Flower Children of San Francisco: 18 Photos of Haight Street Hippies, San Francisco in 1967

Ian Smith

John Phillips of The Mamas & the Papas wrote the song “San Francisco (Be Sure to Wear Flowers in Your Hair)” for his friend Scott McKenzie to promote both the Monterey Pop Festival that Phillips was helping to organise.Released on May 13, 1967, the song’s lyrics urged visitors to San Francisco to “wear some flowers in your hair”, in keeping with the festival’s billing as “three days of music, love, and flowers”:

If you’re going to San Francisco
Be sure to wear some flowers in your hair
If you’re going to San Francisco
You’re gonna meet some gentle people there

The song was a popular hit, reaching number 4 on the music chart in the United States and number 1 in the United Kingdom and most of Europe, and became an unofficial anthem for hippies, flower power and the flower child concept.

Haight Street Hippies, San Francisco in 1967 (10)

 

Haight Street Hippies, San Francisco in 1967 (11)

 

Haight Street Hippies, San Francisco in 1967 (12)

 

Haight Street Hippies, San Francisco in 1967 (13)

 

Haight Street Hippies, San Francisco in 1967 (14)

 

Haight Street Hippies, San Francisco in 1967 (15)

 

Haight Street Hippies, San Francisco in 1967 (16)

After the January 14, 1967 Human Be-In organized by artist Michael Bowen (among other things, announcements told participants to bring flowers),as many as 100,000 young people from all over the world flocked to San Francisco’s Haight-Ashbury district, Berkeley, and other Bay Area cities during the Summer of Love. in search of different value systems and experiences. The Summer of Love became a watershed event in the development of a worldwide 1960s counterculture when newly recruited Flower Children returned home at the end of the summer, taking with them new styles, ideas, and behaviors and introducing them in all major U.S. and Western European cities.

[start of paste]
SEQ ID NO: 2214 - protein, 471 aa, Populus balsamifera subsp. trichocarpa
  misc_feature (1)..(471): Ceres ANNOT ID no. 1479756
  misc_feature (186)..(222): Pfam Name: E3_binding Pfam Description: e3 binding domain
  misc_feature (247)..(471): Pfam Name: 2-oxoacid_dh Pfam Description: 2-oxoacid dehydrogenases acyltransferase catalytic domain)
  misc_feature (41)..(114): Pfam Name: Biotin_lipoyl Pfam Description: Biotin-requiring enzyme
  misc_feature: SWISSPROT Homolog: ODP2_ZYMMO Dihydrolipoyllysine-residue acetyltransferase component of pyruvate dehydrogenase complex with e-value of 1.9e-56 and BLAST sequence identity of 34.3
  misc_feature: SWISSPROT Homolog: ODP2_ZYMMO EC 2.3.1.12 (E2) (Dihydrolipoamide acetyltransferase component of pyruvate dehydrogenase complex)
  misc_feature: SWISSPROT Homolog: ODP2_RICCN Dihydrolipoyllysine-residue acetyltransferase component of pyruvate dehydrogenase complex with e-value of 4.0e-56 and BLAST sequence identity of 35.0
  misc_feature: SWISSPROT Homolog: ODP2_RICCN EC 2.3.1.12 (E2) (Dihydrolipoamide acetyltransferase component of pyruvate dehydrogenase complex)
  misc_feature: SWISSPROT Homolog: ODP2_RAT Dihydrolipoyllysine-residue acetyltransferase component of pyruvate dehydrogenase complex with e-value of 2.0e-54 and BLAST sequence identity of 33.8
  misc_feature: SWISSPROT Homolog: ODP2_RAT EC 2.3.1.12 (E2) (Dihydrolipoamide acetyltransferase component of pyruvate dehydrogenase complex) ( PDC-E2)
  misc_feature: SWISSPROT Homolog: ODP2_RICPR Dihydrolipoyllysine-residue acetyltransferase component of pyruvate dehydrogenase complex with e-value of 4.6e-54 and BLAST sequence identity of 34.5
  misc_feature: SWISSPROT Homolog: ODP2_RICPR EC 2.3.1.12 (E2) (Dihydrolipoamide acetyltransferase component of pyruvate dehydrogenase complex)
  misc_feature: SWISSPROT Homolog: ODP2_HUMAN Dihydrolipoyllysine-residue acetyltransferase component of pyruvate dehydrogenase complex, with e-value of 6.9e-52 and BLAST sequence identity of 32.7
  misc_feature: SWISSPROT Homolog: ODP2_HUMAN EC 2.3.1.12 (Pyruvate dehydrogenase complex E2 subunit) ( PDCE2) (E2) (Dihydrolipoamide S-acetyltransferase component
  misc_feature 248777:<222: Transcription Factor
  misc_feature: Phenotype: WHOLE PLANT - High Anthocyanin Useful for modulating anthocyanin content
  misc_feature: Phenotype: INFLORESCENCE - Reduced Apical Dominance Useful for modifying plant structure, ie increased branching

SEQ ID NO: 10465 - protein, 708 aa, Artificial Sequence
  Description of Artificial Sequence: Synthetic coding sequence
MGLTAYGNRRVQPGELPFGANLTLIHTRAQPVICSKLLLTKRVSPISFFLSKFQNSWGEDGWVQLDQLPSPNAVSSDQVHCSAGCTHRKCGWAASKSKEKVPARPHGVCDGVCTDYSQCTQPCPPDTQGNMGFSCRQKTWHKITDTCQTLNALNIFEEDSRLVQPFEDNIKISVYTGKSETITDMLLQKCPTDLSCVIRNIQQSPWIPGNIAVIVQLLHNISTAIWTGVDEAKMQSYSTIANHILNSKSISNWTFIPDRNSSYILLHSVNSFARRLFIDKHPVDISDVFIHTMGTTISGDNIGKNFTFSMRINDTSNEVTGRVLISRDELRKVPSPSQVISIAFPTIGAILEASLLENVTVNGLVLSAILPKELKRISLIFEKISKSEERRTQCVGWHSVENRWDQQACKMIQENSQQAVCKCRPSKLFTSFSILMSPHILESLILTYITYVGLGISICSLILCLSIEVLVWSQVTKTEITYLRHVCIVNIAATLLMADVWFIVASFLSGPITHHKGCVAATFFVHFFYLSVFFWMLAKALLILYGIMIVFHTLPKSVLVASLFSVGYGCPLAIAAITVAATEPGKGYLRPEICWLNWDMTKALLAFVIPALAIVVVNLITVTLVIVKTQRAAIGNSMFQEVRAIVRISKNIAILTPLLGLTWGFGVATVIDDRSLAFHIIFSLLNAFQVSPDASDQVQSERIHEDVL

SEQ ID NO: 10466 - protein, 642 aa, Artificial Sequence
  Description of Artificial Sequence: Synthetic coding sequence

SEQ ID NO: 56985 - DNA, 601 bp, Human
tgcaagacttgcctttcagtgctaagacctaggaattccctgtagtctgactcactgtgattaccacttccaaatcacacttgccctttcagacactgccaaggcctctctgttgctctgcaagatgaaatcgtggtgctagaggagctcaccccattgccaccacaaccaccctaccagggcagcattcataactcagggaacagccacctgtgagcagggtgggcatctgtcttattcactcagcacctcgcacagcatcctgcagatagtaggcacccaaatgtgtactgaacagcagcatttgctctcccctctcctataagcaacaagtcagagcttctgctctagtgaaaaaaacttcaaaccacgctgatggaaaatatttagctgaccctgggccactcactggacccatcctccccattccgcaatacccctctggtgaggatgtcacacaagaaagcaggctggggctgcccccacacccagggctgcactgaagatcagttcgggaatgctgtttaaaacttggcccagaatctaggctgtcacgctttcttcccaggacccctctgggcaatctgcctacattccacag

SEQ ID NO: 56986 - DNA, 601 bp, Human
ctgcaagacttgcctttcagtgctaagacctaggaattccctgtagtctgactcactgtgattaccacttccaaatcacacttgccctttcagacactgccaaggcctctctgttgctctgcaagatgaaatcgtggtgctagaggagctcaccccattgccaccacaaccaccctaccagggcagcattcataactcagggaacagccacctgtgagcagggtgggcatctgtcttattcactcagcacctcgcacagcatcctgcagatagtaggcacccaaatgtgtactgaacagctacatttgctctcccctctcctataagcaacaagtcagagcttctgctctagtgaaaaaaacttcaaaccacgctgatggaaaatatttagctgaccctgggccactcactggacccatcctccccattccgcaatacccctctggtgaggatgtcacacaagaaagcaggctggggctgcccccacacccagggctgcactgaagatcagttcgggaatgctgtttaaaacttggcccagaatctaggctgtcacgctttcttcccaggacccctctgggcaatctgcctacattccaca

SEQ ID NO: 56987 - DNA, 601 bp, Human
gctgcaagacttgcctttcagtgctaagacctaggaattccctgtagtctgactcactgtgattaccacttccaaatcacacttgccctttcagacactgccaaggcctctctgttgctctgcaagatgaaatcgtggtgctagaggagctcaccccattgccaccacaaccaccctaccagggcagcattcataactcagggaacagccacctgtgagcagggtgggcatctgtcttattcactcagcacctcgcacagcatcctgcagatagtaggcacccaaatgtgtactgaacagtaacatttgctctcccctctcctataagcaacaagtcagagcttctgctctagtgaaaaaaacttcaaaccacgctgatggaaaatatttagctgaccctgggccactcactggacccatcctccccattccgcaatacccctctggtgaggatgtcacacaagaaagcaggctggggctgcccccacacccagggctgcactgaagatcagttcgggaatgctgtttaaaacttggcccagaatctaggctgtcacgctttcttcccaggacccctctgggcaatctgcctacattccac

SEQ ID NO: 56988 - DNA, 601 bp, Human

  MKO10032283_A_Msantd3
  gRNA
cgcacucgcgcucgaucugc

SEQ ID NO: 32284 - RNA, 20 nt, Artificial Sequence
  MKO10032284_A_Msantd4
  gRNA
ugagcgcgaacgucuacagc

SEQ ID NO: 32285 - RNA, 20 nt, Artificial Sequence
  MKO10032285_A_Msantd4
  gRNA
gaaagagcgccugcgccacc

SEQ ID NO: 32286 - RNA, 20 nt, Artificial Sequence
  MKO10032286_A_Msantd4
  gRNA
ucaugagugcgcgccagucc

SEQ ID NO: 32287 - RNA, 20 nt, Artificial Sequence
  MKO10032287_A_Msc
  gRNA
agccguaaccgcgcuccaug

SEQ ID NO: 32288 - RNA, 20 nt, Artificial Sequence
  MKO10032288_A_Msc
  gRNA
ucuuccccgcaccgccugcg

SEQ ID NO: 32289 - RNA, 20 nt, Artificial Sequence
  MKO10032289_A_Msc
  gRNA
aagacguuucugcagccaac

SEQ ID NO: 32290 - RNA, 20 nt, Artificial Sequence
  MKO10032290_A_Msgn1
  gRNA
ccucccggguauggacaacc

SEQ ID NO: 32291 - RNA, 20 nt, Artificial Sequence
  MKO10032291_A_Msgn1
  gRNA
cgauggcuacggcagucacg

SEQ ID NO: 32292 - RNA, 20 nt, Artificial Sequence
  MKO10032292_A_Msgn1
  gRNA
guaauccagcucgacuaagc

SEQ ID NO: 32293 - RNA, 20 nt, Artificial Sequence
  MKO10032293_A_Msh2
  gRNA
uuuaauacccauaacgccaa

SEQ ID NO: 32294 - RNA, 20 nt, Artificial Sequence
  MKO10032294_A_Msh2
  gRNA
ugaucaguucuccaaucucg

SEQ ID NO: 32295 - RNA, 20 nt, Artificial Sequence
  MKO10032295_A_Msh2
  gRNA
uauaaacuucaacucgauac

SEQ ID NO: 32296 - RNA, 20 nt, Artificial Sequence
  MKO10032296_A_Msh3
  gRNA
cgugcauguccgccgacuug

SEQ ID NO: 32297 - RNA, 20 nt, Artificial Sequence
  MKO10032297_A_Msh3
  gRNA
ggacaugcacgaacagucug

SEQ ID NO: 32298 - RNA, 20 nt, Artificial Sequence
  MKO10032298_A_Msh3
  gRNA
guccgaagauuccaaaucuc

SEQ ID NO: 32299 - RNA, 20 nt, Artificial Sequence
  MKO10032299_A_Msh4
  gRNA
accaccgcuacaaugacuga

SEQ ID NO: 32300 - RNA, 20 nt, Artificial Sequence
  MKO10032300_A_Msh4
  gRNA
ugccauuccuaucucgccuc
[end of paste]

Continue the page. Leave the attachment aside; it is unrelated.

Haight Street Hippies, San Francisco in 1967 (17)

 

Haight Street Hippies, San Francisco in 1967 (18)

In his book, Prometheus Rising, the philosopher Robert Anton Wilson suggested that the Flower Children could be viewed in Jungian terms as a collective social symbol representing the mood of friendly weakness.n 1995, The Sekhmet Hypothesis extended Wilson’s idea into other pop cultural trends with other youth movements being compared to the moods of hostile weakness, friendly strength and hostile strength